pte20211005013 media/communication, medicine/wellness
The platform, which has been heavily criticized, admits to not implementing the guidelines
Instagram: Bans are often allowed to move on (Photo: Solen Feyissa, unsplash.com)
NEW YORK (pte013 / 05.10.2021 / 10:30) – ‘I should be skinny’, ‘Forever hungry’: These and similar accounts suggested Instagram algorithms for a 13-year-old girl who showed an interest in losing weight and dieting. And “CNN” reported, quoting Senator Richard Blumenthal, whose team noticed this. Such sites glorifying eating disorders actually violate Instagram’s guidelines and shouldn’t be allowed, the news channel affiliate Facebook has admitted.
Much hungry fan
Senator Blumenthal and his team created the account, presumably belonging to a 13-year-old, to get an idea of how well or poorly Instagram protects young people from potentially harmful content. As a test, they followed some narratives about diets and those that glorify eating disorders (which are actually not allowed). Within a short time, the algorithms were suggesting more and more similar sites. For a selection of five questionable accounts, with whom CNN switched to Instagram, the platform confirmed that they violated the platform’s guidelines.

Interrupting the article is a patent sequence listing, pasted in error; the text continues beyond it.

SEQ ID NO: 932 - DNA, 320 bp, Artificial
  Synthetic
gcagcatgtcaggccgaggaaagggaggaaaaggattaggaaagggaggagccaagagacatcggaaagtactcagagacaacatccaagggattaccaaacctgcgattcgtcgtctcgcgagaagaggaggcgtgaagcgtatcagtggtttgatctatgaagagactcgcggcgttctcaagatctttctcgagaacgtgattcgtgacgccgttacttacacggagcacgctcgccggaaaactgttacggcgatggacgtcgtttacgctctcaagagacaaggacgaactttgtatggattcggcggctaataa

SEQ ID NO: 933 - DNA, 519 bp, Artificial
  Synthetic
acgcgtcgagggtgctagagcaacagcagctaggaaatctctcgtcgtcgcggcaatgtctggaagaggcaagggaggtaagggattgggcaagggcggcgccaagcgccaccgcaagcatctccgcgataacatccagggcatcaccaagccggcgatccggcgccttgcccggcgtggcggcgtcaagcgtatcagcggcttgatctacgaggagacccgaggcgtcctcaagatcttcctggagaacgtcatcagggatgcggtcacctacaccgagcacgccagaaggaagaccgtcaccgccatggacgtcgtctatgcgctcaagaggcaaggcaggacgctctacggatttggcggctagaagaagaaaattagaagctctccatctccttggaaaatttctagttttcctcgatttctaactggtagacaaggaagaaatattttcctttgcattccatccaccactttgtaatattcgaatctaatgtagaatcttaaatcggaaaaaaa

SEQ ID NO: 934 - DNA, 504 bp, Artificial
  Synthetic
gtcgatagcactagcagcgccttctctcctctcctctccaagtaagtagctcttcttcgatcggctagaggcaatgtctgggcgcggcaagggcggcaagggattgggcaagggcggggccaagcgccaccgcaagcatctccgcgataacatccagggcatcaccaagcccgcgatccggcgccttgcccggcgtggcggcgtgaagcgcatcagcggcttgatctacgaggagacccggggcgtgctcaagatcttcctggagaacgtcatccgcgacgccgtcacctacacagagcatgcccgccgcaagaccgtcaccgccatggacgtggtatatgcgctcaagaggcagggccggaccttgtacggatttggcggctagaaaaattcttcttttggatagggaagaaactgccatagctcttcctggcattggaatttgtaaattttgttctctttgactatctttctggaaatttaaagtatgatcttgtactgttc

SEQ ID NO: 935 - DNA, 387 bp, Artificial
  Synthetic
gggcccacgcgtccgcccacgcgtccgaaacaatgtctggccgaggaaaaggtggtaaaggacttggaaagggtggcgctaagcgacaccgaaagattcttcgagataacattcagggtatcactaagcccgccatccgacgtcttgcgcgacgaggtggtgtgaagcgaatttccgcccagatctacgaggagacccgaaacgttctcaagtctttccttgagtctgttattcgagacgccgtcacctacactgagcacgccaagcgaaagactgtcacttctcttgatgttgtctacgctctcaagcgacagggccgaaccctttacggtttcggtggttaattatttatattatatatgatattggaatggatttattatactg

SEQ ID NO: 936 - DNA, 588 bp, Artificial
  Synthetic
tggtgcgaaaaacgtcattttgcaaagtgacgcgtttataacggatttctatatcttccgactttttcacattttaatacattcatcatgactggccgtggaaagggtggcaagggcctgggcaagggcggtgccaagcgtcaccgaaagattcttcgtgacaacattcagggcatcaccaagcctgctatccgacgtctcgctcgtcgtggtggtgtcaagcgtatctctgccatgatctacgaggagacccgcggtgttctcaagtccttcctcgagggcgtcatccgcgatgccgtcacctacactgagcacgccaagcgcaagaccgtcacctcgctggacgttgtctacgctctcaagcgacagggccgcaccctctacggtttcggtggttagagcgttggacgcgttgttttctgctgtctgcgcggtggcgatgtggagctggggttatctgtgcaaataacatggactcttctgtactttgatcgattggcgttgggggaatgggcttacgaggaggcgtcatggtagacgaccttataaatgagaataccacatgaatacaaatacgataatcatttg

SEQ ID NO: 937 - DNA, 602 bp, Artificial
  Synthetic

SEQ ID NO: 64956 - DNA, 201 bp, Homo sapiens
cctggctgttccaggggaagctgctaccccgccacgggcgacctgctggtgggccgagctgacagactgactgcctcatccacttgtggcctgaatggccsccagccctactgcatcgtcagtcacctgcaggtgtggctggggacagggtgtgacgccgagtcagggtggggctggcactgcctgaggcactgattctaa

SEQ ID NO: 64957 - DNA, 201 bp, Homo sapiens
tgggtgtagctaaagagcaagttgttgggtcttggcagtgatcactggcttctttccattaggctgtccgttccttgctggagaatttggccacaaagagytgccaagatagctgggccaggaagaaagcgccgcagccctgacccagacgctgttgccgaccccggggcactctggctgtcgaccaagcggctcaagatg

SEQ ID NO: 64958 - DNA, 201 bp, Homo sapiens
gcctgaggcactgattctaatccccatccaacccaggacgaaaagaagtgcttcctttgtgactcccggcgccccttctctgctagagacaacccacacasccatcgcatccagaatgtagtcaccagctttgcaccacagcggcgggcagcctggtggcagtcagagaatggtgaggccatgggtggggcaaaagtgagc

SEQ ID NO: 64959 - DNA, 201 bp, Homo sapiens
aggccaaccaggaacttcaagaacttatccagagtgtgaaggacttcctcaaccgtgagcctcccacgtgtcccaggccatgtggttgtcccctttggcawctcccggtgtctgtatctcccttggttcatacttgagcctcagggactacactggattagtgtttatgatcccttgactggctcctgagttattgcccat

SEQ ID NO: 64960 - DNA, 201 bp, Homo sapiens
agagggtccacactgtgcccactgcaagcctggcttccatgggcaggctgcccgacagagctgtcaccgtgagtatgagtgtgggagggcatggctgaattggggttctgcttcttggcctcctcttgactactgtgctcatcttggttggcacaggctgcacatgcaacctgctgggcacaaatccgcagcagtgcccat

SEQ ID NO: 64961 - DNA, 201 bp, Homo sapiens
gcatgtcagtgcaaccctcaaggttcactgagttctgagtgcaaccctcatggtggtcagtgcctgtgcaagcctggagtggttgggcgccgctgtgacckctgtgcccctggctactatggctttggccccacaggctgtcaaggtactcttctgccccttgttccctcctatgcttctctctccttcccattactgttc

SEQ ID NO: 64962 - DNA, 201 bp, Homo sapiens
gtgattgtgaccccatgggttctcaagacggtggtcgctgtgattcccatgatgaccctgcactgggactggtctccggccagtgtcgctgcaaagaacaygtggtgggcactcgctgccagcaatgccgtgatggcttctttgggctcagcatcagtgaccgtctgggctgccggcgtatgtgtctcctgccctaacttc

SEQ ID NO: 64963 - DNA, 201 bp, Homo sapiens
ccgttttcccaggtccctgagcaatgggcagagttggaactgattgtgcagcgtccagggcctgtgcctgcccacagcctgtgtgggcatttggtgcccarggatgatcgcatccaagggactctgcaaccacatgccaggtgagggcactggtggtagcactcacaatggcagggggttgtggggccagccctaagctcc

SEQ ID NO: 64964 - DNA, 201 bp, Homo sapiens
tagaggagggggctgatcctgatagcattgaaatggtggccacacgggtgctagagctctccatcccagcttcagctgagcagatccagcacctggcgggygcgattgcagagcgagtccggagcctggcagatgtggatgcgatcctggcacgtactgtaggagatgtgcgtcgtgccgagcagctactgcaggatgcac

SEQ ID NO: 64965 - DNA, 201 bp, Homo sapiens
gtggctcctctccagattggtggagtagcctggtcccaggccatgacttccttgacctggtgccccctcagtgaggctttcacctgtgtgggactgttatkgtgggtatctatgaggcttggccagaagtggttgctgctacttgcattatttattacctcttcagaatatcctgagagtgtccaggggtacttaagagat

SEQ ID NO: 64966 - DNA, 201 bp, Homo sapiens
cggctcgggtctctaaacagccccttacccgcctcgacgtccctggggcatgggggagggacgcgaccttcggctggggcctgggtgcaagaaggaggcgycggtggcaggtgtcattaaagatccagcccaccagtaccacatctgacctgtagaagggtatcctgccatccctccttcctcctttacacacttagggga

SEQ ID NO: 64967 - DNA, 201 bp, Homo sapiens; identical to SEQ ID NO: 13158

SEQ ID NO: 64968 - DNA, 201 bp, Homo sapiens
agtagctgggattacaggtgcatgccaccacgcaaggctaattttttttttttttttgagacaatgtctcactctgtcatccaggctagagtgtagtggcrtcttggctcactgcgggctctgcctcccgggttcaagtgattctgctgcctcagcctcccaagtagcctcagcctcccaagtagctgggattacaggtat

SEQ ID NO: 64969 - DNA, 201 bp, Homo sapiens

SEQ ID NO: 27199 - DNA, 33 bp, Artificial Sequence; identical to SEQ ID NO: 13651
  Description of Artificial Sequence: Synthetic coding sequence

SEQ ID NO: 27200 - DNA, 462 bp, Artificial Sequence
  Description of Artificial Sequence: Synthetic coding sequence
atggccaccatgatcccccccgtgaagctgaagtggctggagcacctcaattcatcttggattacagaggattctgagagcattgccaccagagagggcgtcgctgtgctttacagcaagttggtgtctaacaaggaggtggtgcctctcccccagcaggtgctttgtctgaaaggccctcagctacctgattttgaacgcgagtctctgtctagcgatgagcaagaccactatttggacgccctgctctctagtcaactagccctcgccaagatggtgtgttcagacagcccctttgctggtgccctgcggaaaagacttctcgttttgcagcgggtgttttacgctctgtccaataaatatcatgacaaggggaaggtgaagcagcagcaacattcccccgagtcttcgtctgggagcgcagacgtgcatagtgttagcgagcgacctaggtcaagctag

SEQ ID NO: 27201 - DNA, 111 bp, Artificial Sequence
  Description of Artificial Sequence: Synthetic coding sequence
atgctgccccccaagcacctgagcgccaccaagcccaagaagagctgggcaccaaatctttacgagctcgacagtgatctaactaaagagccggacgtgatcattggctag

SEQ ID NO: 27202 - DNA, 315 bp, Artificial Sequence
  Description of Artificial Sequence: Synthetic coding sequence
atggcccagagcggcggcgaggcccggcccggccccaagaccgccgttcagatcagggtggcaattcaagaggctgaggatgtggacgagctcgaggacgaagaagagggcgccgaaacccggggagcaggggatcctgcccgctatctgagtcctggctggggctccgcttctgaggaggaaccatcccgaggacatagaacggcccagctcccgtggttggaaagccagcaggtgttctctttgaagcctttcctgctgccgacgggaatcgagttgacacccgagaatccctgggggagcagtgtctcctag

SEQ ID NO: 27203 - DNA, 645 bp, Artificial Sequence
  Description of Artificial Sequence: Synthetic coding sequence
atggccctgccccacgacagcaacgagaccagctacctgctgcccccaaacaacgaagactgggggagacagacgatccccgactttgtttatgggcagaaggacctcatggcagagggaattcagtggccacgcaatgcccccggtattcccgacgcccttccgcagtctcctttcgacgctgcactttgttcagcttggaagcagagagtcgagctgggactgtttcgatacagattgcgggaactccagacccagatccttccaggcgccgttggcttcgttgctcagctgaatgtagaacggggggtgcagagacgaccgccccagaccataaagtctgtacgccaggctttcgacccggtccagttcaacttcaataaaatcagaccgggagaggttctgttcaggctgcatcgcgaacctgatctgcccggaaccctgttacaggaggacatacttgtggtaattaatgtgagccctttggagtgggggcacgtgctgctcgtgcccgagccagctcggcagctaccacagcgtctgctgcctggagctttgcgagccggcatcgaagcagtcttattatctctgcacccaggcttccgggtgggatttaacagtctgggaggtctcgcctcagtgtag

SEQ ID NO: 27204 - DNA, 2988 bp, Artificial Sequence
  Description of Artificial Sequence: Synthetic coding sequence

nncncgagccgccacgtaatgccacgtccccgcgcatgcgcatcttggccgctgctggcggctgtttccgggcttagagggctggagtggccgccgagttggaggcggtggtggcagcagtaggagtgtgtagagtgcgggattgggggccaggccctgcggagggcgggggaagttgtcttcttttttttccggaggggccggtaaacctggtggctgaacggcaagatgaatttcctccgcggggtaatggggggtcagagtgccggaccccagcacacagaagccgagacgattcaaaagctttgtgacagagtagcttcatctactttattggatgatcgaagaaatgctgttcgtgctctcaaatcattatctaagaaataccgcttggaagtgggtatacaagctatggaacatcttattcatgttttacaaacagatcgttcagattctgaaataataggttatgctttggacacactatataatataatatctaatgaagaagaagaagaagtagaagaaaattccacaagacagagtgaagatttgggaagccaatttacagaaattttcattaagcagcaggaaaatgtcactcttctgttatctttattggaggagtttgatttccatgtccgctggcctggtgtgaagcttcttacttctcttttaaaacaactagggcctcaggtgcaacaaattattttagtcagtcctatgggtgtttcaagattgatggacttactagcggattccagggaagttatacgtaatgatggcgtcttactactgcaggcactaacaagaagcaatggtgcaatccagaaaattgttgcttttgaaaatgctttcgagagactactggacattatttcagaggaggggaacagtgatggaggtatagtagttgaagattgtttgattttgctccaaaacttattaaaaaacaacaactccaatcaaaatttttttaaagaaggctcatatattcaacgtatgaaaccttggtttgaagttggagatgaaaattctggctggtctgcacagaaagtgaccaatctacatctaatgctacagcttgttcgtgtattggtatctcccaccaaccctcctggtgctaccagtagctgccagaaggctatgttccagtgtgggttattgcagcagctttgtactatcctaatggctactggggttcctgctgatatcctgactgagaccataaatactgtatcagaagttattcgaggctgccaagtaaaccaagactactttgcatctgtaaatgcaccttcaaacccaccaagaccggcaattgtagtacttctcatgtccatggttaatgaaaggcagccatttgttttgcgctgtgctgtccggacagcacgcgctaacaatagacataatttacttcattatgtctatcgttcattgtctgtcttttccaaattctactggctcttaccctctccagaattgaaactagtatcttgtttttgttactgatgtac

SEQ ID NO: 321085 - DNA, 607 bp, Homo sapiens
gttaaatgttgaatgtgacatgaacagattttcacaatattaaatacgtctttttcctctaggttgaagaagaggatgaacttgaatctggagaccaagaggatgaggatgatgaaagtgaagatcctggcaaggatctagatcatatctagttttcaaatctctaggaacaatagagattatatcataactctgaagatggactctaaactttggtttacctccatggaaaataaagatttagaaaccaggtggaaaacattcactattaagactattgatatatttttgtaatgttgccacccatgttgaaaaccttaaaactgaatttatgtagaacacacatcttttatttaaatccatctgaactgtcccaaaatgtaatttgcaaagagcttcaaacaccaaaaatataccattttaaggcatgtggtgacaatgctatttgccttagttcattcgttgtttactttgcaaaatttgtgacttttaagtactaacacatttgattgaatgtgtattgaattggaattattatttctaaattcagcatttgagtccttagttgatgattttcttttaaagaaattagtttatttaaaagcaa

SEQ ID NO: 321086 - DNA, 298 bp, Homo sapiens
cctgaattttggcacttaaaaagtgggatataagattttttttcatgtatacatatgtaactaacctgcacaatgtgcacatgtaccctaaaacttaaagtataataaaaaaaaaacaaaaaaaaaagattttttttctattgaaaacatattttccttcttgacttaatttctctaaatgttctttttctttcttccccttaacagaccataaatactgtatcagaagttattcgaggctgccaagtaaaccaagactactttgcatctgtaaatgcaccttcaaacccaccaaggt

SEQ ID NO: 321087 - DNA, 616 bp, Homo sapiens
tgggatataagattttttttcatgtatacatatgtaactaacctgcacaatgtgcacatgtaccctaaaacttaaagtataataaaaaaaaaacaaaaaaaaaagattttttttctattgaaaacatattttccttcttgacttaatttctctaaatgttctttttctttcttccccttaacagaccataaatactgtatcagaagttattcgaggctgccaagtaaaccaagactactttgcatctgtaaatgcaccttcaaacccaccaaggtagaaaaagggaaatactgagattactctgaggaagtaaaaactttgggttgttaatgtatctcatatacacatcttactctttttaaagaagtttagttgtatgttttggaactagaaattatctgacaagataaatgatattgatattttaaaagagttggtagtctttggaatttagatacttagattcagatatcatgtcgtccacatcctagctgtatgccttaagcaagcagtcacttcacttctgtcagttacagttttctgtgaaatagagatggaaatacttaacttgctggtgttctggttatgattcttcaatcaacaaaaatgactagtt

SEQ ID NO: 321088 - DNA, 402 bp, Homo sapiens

A spokesperson for parent company Facebook said: “We don’t allow content that promotes or encourages eating disorders, and we’ve removed accounts shared with us because they violate these rules.” It is claimed that in addition to user reports, technology is also used to instantly find and remove relevant content. When CNN repeated Blumenthal’s experience with her own demo account, the 13-year-old was soon presented various accounts with the word “skinny” in the name — a term used for years in glorifying eating disorders. The anorexia movement is popular.
just the tip of the iceberg
Blumenthal told CNN Monday that his team’s experience shows very clearly that “Facebook’s claims to protect children or delete accounts that could put them at risk are nonsense.” They should represent only the tip of the iceberg. After all, the Wall Street Journal launched discoveries in September of this year, according to which Facebook should know exactly how much harm its platforms, especially Instagram, can do to young girls in particular – but perhaps not do much out of greed.
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